There was Elon Musk and now Mexican billionaire Carlos Slim. Slim is following (though he wouldn’t agree with the perception) what Musk has done in the U.S. - manufacture electric cars for the consumer market.
Slim recently announced he is entering the electric car market on a grand scale, with made-in-Mexico electric cars designed and manufactured by his existing Giant Motors enterprise. So what’s the difference between Musk’s Tesla and Slim’s yet-to-be named car? For starters it’s the price point and travel range. The Mexican electric car will be low-cost and travel shorter distances after each charge.
Tesla is decidedly an upscale luxury vehicle with a starting price of $101,000 or 2 million pesos, which is a steep price for a country where the median income is $12,800. Elias Massri, CEO of Giant Motors noted the following:
“We are developing a new Mexican electric vehicle that will not only be assembled in [Mexico], but also designed and modeled to meet the needs of Mexican consumers.”
The Mexican auto market is apparently ready to implement what it has learned from decades of building cars for U.S. manufacturers.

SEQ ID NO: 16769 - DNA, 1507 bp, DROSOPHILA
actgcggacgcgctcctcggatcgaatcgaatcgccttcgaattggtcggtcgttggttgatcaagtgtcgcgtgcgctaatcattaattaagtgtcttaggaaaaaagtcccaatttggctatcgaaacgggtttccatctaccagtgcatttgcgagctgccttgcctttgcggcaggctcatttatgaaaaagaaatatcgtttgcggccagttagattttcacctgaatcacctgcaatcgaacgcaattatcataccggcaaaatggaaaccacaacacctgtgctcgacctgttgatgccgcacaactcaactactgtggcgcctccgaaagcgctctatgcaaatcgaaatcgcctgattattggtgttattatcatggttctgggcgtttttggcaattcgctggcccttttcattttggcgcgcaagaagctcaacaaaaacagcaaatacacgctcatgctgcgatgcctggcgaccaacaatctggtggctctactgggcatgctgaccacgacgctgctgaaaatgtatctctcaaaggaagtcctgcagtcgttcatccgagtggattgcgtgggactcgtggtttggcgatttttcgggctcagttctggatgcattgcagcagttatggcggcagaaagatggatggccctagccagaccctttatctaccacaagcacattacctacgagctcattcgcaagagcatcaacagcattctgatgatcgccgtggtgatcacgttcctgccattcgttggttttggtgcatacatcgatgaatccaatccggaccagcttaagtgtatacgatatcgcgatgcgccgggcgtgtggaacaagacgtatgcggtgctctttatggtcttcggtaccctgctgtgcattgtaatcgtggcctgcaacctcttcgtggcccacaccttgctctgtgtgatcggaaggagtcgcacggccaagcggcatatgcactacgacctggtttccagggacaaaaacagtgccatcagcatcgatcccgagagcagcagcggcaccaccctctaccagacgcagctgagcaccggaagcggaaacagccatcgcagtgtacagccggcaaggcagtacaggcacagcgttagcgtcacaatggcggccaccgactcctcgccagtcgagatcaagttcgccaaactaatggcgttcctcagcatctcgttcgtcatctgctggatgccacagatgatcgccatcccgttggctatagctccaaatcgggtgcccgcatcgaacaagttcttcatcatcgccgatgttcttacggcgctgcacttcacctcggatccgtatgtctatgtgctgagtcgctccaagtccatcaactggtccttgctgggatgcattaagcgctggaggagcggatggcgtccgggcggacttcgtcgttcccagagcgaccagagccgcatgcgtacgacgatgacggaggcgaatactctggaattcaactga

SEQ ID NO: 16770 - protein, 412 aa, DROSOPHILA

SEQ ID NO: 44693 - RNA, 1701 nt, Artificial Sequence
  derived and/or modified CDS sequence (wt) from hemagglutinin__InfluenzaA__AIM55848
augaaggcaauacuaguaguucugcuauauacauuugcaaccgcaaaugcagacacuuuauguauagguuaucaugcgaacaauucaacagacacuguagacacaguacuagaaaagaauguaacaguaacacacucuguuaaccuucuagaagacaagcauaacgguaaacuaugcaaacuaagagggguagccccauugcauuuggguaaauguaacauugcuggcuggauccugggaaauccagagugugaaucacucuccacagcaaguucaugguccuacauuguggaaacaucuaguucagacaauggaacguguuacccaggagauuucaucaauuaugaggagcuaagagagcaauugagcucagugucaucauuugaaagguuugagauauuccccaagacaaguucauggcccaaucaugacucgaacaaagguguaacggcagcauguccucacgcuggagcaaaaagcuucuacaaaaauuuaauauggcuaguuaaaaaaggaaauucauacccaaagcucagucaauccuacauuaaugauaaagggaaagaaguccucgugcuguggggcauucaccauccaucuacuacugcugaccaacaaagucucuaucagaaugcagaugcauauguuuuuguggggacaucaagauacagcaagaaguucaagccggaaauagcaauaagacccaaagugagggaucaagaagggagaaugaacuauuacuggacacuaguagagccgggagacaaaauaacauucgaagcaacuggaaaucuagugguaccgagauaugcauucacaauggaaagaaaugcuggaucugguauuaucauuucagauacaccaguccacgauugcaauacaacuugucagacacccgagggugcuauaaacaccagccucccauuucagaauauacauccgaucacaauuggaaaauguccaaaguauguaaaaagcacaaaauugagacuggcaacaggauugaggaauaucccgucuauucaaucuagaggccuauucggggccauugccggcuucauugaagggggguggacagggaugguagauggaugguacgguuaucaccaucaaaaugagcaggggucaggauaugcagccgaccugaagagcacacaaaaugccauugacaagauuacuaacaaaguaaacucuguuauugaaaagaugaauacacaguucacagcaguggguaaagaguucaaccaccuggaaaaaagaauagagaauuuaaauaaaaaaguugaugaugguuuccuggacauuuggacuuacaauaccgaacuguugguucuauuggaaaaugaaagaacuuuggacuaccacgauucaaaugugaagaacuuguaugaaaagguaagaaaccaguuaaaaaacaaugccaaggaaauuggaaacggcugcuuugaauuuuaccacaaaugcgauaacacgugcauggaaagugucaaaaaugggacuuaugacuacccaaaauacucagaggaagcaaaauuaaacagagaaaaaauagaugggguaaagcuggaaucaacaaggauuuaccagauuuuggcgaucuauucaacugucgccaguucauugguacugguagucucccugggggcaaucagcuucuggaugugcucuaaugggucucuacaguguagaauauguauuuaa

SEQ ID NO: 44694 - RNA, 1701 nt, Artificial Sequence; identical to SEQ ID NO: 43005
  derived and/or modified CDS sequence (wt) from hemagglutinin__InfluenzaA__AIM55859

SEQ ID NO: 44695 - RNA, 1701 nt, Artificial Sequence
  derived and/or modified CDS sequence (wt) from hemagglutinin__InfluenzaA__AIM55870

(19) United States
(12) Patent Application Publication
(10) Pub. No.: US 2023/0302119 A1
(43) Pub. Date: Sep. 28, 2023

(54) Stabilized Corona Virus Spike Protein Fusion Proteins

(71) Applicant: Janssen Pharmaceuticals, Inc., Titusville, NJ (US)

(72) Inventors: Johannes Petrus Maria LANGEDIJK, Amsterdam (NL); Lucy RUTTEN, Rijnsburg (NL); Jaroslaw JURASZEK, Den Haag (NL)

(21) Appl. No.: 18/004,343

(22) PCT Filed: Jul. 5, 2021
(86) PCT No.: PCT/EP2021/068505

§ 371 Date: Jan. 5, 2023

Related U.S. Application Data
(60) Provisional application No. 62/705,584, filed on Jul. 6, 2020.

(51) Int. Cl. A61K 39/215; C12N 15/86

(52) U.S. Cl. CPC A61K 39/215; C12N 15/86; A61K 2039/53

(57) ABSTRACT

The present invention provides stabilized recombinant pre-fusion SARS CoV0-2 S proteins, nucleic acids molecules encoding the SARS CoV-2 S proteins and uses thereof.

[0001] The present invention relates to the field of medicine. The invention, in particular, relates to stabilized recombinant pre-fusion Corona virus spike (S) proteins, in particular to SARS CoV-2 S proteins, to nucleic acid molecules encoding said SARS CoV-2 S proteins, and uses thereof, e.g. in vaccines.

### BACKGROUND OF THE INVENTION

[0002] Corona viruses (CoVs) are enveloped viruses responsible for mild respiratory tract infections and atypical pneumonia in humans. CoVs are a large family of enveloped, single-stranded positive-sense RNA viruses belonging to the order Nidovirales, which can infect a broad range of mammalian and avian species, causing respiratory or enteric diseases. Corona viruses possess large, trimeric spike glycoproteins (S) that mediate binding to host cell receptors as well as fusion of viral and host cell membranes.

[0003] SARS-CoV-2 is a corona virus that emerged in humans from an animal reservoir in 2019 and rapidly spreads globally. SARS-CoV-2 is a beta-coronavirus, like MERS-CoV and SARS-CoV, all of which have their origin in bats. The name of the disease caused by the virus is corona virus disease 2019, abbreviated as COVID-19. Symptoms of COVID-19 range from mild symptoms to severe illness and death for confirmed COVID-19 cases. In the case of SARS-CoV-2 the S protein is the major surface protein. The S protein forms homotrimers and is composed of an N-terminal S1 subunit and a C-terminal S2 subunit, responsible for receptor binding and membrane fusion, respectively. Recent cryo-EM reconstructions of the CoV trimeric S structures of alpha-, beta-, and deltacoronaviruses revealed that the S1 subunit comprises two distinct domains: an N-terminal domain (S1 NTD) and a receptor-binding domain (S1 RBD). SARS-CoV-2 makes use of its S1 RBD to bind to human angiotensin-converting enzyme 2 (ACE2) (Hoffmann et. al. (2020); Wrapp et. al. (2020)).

Carlos Slim will collaborate with a subsidiary of the Mexican bread giant Bimbo and the Monterrey Institute of Technology. The first prototype is expected to be ready in 2018 and be used as taxis. Once the enterprise switches to production mode the company will be seeking government funding. Shortly after the Giant Motor announcement General Motors announced its own plug-in hybrid the Chevrolet Volt is coming to the Mexican market as soon as this summer.
It is not known that when the Mexican electric car starts being mass produced whether exports to the U.S. will happen – currently 80% of all Mexican-made vehicles are export to the American market. A retail price for the Mexican electric car has not been announced.
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